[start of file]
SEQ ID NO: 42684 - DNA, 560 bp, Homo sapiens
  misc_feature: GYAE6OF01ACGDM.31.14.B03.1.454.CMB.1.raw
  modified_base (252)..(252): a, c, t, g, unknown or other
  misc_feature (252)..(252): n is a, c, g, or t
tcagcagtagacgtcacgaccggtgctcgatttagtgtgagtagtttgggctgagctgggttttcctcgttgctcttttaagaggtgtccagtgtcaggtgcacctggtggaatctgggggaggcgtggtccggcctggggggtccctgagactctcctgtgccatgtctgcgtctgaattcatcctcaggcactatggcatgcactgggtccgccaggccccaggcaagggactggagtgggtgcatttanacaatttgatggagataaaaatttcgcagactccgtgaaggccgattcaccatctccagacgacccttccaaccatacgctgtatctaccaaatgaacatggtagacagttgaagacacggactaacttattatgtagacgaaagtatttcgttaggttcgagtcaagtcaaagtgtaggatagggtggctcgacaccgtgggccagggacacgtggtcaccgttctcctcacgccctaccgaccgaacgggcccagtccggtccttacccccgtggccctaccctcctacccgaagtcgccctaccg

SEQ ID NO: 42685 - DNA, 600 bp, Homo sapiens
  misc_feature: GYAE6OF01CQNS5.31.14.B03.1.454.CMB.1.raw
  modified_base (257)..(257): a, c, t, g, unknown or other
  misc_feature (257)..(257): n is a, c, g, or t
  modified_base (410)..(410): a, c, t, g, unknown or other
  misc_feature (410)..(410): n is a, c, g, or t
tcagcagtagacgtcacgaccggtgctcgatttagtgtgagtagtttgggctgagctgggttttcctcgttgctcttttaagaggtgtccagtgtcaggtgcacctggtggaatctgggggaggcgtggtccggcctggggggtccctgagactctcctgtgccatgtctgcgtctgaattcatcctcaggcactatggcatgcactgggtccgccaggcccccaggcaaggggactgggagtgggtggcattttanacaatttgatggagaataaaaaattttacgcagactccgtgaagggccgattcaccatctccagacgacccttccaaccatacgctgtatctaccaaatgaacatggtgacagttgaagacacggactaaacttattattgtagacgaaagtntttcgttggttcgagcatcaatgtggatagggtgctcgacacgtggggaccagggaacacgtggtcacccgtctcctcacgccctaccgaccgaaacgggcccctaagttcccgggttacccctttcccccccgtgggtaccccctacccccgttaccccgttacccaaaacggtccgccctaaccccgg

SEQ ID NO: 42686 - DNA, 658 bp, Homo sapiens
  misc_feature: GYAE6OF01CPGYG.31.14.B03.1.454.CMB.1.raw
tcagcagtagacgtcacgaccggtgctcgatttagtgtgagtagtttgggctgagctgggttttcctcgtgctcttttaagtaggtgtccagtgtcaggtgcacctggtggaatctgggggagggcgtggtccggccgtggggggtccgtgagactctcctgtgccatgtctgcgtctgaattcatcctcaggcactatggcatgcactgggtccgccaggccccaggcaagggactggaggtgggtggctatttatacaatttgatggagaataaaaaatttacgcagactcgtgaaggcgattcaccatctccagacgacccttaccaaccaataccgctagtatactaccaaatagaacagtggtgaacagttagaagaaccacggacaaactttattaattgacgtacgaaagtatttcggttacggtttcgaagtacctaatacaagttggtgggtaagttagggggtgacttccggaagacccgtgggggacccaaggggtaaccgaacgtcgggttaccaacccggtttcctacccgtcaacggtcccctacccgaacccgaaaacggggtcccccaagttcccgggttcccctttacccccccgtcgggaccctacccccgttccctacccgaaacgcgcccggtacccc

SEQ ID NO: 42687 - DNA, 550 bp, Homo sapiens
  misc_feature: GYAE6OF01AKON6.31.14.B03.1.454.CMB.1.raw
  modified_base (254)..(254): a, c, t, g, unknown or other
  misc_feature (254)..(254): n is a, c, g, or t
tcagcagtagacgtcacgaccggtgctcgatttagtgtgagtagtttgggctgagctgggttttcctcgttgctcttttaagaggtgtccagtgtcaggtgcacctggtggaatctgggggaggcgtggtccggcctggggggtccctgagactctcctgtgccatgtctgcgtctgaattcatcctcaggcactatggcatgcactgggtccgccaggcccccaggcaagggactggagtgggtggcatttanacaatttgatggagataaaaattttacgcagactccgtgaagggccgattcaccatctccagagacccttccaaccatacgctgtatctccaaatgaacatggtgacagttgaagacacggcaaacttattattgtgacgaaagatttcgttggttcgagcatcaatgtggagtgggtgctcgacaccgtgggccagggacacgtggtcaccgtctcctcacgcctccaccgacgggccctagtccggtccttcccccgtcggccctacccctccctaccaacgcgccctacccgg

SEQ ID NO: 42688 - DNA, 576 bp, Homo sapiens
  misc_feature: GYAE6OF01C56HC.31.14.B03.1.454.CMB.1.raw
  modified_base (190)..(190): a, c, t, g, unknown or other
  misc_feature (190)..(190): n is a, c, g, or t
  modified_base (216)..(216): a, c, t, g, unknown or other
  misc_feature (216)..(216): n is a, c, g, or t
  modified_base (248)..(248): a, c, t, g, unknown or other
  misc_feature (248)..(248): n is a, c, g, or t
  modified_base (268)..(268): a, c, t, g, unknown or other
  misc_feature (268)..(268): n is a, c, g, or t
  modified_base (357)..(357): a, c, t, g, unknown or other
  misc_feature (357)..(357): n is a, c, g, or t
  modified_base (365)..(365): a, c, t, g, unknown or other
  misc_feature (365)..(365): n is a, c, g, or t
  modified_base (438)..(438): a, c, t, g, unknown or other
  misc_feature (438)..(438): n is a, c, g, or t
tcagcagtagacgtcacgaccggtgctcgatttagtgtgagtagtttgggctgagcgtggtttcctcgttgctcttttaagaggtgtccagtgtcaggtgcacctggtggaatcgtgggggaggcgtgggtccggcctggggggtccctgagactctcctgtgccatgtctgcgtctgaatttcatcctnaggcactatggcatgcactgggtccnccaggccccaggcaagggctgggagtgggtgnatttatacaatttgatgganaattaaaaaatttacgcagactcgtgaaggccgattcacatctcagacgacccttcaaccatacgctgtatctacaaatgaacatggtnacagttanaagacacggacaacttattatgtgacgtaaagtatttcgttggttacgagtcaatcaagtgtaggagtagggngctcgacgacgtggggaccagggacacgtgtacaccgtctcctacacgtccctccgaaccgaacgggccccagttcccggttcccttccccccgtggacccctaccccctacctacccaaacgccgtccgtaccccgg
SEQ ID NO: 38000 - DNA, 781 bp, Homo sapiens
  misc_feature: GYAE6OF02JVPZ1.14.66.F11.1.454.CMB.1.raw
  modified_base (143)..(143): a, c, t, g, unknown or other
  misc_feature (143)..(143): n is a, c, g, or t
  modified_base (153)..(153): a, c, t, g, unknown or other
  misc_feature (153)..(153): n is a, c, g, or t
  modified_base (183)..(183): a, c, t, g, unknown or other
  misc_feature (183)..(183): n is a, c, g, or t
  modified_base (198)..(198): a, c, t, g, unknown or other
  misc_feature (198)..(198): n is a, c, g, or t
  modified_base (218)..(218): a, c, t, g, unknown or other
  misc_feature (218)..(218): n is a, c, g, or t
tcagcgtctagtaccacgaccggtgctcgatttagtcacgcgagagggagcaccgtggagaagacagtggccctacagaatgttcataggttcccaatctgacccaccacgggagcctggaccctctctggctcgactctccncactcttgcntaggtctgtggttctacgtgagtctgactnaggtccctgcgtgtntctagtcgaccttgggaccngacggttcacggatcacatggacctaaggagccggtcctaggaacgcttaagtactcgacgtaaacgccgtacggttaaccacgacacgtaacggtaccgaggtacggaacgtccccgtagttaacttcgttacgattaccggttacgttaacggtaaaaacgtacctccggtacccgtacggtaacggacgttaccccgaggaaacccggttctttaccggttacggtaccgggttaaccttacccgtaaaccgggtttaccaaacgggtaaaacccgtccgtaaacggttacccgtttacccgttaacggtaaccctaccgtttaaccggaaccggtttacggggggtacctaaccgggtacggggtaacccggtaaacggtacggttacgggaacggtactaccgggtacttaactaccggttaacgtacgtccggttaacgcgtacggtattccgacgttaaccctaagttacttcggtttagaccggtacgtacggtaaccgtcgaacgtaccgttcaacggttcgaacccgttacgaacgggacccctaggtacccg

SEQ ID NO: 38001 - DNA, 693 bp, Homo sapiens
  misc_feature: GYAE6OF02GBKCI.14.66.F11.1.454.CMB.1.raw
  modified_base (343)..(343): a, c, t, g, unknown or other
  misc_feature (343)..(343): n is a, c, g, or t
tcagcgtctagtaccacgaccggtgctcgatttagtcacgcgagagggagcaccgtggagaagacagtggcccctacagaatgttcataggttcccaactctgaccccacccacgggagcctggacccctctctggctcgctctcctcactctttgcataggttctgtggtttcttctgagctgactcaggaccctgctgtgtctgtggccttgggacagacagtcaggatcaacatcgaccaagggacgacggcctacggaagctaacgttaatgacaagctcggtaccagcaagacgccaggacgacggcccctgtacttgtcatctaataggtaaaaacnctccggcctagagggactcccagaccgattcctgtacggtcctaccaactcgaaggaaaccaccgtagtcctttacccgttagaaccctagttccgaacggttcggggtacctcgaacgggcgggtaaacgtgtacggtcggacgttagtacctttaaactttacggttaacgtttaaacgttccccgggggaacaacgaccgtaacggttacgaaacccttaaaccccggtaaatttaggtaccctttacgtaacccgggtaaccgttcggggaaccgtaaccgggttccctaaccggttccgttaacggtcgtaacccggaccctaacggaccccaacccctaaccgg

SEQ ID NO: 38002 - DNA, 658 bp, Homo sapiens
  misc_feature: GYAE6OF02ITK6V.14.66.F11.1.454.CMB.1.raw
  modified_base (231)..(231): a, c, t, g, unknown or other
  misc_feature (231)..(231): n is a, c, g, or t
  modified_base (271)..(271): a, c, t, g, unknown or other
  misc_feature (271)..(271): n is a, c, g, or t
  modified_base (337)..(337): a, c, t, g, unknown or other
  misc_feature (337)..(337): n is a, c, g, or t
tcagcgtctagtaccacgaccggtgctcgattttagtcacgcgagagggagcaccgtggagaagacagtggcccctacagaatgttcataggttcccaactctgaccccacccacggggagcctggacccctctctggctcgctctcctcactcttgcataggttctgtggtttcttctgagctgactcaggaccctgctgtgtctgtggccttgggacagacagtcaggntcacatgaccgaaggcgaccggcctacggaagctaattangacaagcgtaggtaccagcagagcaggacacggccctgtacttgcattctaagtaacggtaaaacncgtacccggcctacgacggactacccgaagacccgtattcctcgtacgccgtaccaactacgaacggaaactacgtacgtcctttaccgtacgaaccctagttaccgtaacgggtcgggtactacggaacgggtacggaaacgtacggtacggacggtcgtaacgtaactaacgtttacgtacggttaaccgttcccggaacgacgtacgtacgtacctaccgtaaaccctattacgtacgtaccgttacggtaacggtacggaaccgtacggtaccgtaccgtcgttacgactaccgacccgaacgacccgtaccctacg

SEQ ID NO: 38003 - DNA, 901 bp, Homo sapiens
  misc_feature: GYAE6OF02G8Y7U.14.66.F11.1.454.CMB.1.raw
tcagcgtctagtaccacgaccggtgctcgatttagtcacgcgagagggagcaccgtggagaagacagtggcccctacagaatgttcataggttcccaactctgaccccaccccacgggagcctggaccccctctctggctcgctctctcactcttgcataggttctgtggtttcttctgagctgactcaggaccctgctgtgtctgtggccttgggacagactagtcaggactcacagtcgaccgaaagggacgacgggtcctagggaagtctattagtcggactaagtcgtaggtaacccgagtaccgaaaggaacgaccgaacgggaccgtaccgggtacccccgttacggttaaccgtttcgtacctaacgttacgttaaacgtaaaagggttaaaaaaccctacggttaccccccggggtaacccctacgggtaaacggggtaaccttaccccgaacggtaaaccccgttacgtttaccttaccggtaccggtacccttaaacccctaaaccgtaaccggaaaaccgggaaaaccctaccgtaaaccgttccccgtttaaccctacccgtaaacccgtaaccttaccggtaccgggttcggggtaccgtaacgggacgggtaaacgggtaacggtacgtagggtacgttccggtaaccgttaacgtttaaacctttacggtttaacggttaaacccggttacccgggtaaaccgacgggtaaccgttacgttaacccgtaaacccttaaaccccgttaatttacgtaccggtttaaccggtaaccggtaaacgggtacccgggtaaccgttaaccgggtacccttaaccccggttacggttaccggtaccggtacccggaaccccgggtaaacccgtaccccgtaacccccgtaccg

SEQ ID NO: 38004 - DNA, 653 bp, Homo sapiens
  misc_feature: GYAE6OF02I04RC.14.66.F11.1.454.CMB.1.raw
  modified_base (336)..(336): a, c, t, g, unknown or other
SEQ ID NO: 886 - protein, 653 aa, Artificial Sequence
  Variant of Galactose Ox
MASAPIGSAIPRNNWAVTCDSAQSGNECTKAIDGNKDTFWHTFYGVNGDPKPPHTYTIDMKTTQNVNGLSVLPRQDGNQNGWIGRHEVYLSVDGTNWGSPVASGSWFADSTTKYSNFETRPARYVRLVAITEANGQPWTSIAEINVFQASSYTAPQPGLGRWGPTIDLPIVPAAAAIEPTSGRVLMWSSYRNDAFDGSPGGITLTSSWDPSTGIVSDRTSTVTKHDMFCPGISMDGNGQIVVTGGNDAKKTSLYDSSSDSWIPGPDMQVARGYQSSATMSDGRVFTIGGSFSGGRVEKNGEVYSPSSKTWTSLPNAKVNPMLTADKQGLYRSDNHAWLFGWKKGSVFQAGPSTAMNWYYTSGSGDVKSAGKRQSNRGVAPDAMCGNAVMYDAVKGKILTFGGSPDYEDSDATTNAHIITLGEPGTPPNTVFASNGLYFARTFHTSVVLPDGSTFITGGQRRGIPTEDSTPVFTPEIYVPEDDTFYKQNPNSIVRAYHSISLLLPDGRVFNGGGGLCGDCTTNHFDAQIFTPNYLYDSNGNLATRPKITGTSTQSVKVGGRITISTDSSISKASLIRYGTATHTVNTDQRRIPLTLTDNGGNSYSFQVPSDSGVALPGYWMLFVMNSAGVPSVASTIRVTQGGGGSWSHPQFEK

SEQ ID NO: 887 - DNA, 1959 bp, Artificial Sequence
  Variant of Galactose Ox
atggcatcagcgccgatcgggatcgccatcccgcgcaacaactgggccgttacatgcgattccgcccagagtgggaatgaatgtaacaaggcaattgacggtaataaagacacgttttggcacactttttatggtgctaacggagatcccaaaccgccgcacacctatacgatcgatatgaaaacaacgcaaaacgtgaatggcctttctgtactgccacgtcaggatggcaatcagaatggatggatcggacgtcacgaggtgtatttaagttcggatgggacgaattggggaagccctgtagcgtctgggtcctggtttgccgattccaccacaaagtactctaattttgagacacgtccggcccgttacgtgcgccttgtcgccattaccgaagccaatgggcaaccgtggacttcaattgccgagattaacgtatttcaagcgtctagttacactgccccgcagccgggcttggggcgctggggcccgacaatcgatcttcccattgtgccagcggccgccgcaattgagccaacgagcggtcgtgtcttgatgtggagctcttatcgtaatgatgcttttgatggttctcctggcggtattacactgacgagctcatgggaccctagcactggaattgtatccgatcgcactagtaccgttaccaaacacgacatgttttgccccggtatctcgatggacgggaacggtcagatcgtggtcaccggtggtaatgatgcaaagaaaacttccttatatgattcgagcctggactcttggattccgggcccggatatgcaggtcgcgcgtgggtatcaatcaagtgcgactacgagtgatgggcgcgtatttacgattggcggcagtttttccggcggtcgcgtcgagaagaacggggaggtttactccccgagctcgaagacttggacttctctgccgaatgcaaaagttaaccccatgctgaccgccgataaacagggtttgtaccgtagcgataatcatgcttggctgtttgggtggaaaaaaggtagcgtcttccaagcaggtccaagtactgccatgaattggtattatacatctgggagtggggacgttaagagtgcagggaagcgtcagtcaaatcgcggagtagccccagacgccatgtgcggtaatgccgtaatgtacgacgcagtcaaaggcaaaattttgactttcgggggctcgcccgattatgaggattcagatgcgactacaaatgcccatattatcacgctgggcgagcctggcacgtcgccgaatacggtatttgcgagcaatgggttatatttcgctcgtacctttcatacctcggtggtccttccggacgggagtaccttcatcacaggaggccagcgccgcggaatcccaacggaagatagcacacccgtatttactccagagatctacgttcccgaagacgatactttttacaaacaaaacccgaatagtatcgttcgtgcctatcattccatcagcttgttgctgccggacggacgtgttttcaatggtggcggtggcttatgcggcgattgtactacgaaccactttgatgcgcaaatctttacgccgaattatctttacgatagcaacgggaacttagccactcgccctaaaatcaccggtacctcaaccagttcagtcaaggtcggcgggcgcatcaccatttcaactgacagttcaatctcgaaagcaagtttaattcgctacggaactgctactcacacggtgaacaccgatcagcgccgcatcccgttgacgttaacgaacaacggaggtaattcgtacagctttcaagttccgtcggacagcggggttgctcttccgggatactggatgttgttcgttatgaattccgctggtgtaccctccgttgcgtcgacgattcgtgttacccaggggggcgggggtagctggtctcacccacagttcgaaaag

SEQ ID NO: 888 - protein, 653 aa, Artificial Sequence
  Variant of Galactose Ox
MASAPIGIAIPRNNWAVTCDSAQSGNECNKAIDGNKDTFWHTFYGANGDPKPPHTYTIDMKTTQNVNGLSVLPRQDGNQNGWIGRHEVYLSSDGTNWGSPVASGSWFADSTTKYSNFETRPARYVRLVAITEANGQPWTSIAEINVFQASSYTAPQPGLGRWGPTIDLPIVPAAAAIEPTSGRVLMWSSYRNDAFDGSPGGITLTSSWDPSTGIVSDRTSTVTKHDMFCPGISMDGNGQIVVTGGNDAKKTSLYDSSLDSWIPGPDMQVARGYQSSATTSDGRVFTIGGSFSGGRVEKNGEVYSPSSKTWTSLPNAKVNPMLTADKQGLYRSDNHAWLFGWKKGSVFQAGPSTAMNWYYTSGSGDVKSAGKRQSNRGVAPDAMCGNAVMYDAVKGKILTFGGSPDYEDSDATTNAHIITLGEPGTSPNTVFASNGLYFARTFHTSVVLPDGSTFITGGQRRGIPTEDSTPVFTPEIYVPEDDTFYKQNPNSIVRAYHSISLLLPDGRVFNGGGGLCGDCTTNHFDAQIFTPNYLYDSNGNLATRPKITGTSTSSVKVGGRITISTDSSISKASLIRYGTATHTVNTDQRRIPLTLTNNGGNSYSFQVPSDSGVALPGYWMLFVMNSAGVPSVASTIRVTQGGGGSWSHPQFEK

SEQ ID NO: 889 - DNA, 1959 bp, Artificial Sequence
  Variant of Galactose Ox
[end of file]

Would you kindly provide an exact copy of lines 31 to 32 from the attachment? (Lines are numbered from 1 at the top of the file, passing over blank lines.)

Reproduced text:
  modified_base (357)..(357): a, c, t, g, unknown or other
  misc_feature (357)..(357): n is a, c, g, or t